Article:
I had my penance: a visit to the dentist to get a cavity filled. My dentist is very nice but seems very nervous whenever she talks to me. She has a fine bedside manner with La Serpiente, as I discovered last time we visited for a checkup, and is fine with my wife, but seems terribly concerned when she’s talking to me. Perhaps my enormous beard intimidates her. Maybe she’s worried that upon hearing the bad news about the state of my mouth, I’ll fly off the end of my handle and rage around the surgery. Or probably I’m just reading too much into this.

It was a small cavity but inconveniently positioned, so I had an hour of reclining in the chair, while she drilled and filled and polished, and I watched Mission Impossible 3. I don’t think seeing people getting shot is actually that helpful a distraction from the stress of having your mouth operated on, but then I’m not a qualified dentist. Afterwards, a little sore and numbed of face, I went back to the office and got moody with spreadsheets until 6, when I went home to my feverish child.

Destroyer was making the most of it by also watching TV, and she’s not even sick. I should have set her to some chores but it was far easier to have both kids rest their heads on me and watch penguins in Antarctica.

We put them to bed. I took an hour to get Destroyer down, or rather I woke up after an hour to find I’d failed and she was still awake and demanding bandaids for her knee, so I left and brought in my wife, and then she fell asleep on Destroyer’s bed instead.

Oh, what a night. Hopefully we’ll all be rested by tomorrow.

Brain fade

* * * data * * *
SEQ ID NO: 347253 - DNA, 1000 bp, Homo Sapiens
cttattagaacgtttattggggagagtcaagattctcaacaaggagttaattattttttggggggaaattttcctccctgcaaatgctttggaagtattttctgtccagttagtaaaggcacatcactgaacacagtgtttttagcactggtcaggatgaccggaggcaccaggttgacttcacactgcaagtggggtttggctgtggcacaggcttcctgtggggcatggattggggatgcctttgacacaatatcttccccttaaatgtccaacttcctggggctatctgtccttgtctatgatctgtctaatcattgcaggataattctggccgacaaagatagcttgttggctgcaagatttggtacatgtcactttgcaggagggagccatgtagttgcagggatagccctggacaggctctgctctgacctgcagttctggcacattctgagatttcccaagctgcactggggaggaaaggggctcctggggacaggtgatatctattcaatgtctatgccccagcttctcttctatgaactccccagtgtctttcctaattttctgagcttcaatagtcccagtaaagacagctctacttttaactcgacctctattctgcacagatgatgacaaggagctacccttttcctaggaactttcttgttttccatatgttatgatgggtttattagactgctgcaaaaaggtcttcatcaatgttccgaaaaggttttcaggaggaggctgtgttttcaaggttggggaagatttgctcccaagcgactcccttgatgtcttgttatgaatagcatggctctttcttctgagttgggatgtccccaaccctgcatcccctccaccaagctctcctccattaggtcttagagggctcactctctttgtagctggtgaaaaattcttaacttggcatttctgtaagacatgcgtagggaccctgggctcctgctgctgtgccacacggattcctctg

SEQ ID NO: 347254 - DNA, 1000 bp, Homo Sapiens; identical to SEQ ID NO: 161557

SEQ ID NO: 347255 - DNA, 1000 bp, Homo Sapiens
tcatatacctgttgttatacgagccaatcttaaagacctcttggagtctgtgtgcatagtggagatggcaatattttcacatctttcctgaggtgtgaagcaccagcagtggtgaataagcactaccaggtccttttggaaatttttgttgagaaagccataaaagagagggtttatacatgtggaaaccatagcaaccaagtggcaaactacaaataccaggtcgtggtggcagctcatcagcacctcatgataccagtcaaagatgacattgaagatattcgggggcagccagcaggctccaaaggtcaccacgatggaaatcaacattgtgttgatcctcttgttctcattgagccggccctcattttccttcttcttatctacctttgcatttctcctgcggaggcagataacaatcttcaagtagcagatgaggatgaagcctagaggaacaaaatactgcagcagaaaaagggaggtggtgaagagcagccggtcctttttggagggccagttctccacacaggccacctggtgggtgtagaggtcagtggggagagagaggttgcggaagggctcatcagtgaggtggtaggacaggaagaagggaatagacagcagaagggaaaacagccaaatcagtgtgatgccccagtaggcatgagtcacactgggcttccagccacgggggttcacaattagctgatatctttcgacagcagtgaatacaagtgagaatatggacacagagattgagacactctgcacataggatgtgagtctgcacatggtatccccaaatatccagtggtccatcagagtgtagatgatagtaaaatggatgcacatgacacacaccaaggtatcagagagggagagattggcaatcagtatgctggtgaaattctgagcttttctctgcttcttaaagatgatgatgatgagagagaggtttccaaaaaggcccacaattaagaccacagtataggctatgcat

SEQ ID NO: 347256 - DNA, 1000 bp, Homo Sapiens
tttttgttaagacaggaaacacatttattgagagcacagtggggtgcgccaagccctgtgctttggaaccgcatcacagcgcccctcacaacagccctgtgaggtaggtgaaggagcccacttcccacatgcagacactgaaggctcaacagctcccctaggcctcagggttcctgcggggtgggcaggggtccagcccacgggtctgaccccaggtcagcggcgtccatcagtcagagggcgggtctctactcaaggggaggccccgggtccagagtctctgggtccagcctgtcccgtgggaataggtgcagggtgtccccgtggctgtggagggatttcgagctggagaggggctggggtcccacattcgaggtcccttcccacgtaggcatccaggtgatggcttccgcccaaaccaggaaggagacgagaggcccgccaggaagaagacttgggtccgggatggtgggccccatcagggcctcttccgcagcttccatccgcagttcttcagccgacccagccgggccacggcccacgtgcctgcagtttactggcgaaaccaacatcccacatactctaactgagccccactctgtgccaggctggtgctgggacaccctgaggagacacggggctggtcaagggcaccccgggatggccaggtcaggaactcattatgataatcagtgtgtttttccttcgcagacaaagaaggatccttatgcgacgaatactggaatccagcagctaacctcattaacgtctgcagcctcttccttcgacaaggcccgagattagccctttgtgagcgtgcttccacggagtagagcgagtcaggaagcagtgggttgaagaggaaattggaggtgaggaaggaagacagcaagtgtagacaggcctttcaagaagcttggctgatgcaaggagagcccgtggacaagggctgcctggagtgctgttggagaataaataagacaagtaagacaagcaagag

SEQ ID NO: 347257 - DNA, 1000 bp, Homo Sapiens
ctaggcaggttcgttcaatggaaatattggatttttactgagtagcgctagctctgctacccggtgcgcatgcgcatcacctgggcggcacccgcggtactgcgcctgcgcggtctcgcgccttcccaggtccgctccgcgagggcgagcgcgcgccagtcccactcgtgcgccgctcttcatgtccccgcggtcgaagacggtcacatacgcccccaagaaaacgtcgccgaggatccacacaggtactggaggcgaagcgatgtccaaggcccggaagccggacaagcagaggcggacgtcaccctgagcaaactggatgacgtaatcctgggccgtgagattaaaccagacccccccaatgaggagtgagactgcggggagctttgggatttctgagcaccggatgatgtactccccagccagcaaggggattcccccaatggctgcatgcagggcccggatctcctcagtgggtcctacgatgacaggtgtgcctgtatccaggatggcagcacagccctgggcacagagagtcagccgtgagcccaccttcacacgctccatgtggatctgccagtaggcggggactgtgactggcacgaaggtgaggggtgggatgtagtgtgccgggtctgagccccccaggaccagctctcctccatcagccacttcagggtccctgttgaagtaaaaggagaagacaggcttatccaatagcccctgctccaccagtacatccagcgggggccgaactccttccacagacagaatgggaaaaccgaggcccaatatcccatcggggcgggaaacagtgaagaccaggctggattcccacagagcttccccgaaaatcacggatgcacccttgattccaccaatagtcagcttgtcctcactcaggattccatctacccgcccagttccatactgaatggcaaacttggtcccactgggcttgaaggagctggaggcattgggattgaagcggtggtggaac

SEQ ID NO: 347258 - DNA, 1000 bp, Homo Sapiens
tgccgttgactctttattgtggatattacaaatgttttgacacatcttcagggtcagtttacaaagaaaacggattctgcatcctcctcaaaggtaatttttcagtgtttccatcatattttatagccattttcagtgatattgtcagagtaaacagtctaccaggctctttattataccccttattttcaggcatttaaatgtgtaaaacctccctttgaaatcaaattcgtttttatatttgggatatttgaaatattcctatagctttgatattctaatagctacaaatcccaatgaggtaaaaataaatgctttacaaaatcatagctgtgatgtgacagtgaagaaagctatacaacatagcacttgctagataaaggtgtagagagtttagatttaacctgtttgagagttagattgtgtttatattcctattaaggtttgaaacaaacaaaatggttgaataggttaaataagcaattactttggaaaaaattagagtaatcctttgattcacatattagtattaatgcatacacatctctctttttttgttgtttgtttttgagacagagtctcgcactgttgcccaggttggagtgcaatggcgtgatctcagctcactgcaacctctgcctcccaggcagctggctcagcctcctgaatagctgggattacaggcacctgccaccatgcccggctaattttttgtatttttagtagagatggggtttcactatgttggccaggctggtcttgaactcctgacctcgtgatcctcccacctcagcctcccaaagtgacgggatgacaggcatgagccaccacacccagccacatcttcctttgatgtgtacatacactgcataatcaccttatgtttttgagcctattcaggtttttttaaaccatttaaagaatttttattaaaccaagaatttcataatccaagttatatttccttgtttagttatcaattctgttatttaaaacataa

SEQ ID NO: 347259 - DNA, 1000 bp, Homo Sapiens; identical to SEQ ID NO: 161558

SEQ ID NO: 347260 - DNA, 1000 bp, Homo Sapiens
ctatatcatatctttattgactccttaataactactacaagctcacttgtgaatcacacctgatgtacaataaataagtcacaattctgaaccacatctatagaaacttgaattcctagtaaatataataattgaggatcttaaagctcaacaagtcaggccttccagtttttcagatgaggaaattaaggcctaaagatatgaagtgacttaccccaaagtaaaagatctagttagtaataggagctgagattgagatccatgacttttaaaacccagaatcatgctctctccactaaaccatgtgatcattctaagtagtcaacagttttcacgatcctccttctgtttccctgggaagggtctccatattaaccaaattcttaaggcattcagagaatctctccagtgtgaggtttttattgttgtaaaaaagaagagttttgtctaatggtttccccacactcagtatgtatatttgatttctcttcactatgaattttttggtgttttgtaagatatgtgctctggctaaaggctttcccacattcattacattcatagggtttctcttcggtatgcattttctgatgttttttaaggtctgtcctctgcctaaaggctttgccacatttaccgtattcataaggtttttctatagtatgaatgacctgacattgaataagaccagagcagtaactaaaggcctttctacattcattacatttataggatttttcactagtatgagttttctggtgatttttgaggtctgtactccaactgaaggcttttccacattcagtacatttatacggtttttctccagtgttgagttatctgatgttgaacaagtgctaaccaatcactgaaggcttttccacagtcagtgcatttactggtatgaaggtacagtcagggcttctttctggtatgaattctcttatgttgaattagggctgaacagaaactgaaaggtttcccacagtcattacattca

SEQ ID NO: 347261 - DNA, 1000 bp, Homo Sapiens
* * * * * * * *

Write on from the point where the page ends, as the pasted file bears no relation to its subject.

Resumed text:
I slept well this evening. Mainly because I fell asleep next to La Serpiente at 8:20 and didn’t wake up for an hour. I crawled groggily from her room just as my wife exited Destroyer’s room. She went to do the dishes and I fiddled around with some code where I’d spent all day failing to make it work, because I’d typed one incorrect character. That’s the thing, it’s hard to debug code when you only have a 27″ inch screen in an ergonomic environment, rather than being hunched over a laptop in a dim living room.

That thing solved, we settled down to watch the last two episodes of the third season of Game of Thrones, which has some revoltingly gory stuff going on, and a man eating a sausage in front of the guy he’s just castrated, which is more than a little insensitive. There’s also people shot with arrows, stabbed, stabbed some more, … There’s lots of stabbery. No sexual violence for an episode or two, which I assume means season 4 will start with a bumper load of it.

I was meant to go running tonight rather than watch violent TV, but I was fairly exhausted. Tomorrow will be better, I promise. Or at least I won’t have a stomach that’s doing somersaults. But for now, just silence.